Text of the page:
Akbar Hashemi Rafsanjani and his allies, who support the broad lines of Iran's controversial nuclear programme, but are more open to compromise with the West than hardliners, are also frustrated by the progress of negotiations.
Ex-Iran president attacks 'dishonest and bullying' world powers in nuclear talks
TEHRAN // An influential former president associated with a centrist branch of the clerical establishment has criticised world powers for their "bullying" and "dishonesty" in recent nuclear talks in Moscow, Iranian newspapers report.
The comments suggest that Akbar Hashemi Rafsanjani and his allies, who support the broad lines of Iran's controversial nuclear programme, but are more open to compromise with the West than hardliners, are also frustrated by the progress of negotiations.
"The talks proved that the Western side is [not interested] in interaction and they are not honest. They have based their policy on bullying alone," Mr Rafsanjani was quoted by several Iranian dailies as telling a group of clerics. He also urged Iranian unity to thwart its enemies.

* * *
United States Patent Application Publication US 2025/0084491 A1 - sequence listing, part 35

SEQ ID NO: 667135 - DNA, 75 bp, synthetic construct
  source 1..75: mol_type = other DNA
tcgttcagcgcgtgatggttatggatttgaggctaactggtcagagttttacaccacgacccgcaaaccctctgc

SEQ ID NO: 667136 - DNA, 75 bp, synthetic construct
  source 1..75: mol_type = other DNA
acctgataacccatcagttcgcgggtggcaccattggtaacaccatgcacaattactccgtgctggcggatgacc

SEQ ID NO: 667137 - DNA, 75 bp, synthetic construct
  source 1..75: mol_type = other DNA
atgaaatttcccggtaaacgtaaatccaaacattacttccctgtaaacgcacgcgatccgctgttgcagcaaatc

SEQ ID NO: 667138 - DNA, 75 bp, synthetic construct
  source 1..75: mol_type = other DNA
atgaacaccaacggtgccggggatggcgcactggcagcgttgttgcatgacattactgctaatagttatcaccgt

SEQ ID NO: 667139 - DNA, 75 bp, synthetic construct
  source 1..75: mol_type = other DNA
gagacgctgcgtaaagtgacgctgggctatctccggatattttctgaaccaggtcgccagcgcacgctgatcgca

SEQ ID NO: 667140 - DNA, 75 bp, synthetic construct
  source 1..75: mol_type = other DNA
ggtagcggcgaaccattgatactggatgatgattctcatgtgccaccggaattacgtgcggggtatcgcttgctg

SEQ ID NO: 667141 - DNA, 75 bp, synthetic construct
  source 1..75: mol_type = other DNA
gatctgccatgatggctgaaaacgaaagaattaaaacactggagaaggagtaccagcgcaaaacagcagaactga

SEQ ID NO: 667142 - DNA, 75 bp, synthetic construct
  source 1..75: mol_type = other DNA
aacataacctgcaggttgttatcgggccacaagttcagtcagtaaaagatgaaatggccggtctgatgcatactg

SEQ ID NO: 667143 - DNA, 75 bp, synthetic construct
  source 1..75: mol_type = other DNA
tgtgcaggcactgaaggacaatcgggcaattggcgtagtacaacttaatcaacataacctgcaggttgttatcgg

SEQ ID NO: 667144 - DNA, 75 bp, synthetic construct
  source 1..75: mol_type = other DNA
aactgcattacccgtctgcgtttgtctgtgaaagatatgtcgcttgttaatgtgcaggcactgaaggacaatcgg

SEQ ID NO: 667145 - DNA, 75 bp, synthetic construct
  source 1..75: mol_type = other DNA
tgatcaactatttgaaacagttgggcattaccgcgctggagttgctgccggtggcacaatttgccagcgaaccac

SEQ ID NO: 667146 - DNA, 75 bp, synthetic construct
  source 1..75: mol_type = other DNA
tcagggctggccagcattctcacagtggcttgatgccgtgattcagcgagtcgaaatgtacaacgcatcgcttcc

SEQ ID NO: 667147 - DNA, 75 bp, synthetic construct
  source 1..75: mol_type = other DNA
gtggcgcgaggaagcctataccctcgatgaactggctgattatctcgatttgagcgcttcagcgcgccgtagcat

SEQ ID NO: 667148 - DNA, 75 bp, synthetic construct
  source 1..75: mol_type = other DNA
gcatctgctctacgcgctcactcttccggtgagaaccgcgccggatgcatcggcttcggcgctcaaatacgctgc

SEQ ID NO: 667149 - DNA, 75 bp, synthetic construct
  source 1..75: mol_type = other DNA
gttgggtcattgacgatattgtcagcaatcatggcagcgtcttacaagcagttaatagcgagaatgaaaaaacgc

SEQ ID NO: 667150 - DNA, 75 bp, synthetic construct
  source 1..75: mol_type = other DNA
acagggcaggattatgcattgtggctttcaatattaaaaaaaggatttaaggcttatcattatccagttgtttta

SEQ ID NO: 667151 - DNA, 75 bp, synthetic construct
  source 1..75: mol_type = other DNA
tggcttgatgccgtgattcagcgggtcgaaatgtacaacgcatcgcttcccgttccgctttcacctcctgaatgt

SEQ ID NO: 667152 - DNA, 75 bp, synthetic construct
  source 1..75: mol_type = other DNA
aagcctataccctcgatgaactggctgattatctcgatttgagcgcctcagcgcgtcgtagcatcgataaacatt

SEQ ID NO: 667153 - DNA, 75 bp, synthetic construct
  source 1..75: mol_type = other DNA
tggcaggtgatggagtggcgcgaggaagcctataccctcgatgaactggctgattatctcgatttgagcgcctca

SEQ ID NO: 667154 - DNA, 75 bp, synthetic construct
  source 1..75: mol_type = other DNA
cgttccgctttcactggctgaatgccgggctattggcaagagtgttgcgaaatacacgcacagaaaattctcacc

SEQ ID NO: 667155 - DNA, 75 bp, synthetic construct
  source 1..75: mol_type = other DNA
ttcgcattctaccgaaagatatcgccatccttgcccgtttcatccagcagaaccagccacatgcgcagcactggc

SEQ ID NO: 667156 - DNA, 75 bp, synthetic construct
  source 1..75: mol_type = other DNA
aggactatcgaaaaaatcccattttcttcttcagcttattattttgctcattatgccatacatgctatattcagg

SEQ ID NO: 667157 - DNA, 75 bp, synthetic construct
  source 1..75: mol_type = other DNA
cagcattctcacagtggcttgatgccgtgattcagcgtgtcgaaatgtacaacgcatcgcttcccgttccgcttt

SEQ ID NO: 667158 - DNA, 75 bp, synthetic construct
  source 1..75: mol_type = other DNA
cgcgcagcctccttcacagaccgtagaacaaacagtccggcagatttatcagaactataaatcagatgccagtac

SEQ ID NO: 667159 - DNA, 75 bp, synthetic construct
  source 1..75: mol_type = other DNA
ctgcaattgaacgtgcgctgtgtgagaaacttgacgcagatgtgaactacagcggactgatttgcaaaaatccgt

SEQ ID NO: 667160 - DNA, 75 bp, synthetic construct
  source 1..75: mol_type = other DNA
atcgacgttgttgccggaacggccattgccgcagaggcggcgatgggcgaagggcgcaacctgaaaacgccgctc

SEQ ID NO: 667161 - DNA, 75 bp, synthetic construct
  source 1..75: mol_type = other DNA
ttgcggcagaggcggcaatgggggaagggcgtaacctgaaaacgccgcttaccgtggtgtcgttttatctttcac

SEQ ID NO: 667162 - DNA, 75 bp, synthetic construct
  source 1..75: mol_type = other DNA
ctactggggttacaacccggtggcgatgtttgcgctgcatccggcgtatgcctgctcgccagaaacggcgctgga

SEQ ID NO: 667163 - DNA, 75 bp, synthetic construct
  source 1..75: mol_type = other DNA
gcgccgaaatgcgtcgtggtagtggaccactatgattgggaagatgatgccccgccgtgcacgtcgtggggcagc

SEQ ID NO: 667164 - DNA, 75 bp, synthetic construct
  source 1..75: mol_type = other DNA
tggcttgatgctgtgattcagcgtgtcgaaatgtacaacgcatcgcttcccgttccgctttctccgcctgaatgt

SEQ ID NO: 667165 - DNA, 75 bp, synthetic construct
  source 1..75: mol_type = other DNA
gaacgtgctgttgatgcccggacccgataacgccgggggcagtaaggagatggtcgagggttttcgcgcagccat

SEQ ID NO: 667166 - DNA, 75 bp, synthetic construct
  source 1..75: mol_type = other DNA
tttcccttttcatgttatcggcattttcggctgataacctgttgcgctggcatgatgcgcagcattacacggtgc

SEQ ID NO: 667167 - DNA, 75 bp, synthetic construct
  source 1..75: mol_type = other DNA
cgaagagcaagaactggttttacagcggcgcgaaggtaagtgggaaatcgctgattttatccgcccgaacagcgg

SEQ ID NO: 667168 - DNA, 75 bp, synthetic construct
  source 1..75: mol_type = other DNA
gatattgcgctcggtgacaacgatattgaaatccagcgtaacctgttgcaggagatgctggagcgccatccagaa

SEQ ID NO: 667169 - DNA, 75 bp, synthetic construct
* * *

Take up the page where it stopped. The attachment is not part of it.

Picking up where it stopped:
Two days of intensive nuclear talks in Moscow between Tehran and six world powers ended on Tuesday, with both sides agreeing only to continue low-level talks in early July. The P5+1 - the permanent members of the UN Security Council and Germany - want Iran to stop enriching uranium to a level that is just steps away from its use as the core of nuclear warheads.
Iran says it is enriching only to make reactor fuel or medical isotopes and insists it has a right to enrich under international law.
With neither side ready to accept what the other brought to the table in the form of inducements to compromise, diplomats familiar with the negotiations said they were in trouble from the start.
Along with recognition of the right to enrich, Iran seeks relief from growing UN and other sanctions, including spreading international embargoes on its oil sales. That is something the six are ready to grant only if Tehran agrees to enrichment suspension and related measures.
Mr Rafsanjani, 78, heads an advisory body to Ayatollah Ali Khamenei, Iran's Supreme Leader, who has final say on all state matters.